A suggestion for content on AESA’s new website to support the teaching of social foundations courses.
This posting is prompted by my reading a very nice review, at the Education Review, of a recent reissue of Peter McLaren’s Life in Schools, which has become a social foundations textbook of sorts.
I have argued for a while that AESA should develop a resource site that compiles comments, reviews, synopses, and basic information (e.g., table of contents) of a wide range of textbooks for social foundations coursework (including sub-disciplines such as philosophy of education, history of education, etc.). The reasoning is twofold:
1) Almost half of all instructors who teach foundations-type introductory courses are not trained in the social foundations field (see Christine Shea and Carol Henry, "Who's Teaching the Social Foundations Courses?", Journal of Teacher Education, (1986), pp. 10-15. and
Christine Shea, Peter Sola and Alan Jones, "Examining the Crisis in the Social Foundations", Educational Foundations, 2, (1987); this data, by the way, is over 20 years old! Can’t anybody get a doctoral student to do a survey to update this information!?!).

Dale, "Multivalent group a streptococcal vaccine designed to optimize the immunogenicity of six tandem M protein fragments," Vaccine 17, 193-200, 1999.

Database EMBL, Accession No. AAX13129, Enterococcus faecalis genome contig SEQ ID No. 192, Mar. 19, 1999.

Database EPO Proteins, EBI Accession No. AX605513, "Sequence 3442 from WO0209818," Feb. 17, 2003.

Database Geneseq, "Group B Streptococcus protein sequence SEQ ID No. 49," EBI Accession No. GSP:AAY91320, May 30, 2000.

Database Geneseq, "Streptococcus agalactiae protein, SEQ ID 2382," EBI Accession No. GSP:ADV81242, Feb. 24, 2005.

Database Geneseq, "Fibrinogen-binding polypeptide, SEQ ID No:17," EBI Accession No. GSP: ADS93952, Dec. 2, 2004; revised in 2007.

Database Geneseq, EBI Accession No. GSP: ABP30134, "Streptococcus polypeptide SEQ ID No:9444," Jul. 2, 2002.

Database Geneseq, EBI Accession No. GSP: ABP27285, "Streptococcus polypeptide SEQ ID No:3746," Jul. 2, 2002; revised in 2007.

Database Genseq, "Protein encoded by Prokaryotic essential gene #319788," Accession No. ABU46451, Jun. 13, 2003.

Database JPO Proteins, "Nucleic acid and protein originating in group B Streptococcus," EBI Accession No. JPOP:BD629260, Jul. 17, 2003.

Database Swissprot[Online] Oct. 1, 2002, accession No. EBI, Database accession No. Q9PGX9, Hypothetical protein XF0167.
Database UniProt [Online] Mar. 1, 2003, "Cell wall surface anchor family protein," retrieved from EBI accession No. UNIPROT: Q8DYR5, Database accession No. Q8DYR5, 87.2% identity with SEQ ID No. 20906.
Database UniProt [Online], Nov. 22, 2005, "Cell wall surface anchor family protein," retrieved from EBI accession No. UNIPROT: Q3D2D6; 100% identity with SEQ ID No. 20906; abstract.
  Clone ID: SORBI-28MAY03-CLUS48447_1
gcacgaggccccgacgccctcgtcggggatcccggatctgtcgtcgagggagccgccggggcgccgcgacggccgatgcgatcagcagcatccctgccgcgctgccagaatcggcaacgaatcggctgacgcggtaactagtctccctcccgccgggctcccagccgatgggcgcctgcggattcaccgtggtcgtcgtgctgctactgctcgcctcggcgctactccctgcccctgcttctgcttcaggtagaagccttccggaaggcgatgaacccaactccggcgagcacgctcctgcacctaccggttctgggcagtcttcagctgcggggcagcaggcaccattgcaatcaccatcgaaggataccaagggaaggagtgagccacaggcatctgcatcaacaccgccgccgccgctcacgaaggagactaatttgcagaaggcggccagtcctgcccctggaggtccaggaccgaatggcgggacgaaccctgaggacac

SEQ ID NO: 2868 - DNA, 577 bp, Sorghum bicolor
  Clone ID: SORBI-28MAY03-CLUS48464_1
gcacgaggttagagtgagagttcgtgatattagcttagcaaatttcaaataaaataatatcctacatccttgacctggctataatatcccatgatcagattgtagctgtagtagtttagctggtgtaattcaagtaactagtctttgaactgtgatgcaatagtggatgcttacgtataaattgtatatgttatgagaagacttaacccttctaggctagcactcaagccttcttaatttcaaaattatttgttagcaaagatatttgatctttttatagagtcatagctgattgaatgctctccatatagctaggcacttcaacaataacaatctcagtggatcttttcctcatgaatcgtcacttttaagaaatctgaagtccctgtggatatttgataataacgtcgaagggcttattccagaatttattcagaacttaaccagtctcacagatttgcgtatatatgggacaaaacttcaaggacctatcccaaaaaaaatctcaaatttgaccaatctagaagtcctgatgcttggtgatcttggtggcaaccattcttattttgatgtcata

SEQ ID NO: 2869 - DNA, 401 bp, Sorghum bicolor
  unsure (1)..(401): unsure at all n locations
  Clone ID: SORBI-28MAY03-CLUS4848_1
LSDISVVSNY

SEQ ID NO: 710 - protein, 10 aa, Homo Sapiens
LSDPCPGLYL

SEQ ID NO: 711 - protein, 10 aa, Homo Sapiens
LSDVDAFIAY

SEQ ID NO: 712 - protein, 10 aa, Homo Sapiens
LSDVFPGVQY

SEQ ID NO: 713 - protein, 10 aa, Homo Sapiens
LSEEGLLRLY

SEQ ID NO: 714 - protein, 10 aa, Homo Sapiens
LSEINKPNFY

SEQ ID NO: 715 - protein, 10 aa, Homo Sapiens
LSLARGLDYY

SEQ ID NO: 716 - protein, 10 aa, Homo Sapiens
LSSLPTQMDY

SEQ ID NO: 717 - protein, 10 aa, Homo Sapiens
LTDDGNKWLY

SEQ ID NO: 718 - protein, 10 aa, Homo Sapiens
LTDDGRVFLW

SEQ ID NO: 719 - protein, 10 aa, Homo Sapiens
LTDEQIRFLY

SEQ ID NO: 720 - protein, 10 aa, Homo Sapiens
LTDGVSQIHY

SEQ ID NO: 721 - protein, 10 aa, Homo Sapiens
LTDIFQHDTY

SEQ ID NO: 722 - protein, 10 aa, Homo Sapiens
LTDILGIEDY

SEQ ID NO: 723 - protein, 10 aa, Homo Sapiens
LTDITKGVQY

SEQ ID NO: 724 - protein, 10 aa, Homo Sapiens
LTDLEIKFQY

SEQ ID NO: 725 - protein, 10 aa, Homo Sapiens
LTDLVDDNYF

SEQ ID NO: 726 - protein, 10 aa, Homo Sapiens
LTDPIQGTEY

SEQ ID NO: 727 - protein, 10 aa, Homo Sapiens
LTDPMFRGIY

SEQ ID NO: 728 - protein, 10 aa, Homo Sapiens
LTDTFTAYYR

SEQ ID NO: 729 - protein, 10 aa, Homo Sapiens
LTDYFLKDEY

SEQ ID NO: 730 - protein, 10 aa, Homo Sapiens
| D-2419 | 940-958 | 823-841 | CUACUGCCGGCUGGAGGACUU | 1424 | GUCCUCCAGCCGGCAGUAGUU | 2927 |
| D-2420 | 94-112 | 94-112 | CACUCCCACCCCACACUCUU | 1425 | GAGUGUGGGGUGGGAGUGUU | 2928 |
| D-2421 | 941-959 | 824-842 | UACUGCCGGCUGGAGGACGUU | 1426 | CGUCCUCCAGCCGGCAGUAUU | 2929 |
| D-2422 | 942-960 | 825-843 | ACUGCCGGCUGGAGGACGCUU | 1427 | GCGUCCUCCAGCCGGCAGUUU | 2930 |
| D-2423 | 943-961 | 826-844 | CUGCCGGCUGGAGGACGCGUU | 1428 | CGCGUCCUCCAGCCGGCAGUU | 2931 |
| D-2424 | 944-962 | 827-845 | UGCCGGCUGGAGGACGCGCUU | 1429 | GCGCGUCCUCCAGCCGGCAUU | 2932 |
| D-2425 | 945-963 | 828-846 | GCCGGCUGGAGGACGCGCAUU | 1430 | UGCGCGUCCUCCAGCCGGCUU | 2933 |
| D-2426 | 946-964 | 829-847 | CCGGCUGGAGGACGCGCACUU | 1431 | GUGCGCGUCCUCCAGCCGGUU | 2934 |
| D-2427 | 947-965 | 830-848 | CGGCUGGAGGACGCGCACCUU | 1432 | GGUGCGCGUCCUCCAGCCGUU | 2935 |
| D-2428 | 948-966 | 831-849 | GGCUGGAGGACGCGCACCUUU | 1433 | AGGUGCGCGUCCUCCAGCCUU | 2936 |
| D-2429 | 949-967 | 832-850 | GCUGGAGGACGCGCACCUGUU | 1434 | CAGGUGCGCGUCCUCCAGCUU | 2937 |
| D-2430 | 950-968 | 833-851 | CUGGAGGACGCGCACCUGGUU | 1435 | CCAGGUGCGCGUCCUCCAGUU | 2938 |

2) More than 75% of all foundations-type introductory courses use standard textbooks (as opposed to individually-created readers) as the primary reading in their course (see my article, Butin, 2004, “The Foundations of Preparing Teachers: Are Education Schools Really ‘Intellectually Barren’ and Ideological?” in Teachers College Record and Butin, under review [send me an email if you want to see the data]).
There is thus an obvious and unmet need to provide good information for new instructors by which they can decide amongst a wide range of textbooks. Such a site would thus allow for comparisons, allow instructors to read about how others have used the texts, potentially provide sample syllabi from instructors who have used the texts, and reviews that help the instructor realize the limits and potential of particular texts. AESA could send out a call to all members asking for their suggestions for textbooks to include. A nice component of this is that any and all authors of foundations-type textbooks would of course (and legitimately) want to self-promote their own work and would most likely have a large amount of resource information that AESA could then post.
An obvious follow-up aspect of this, for a forthcoming post, is that AESA should then also create a resource site for instructors wanting to develop their own course reader…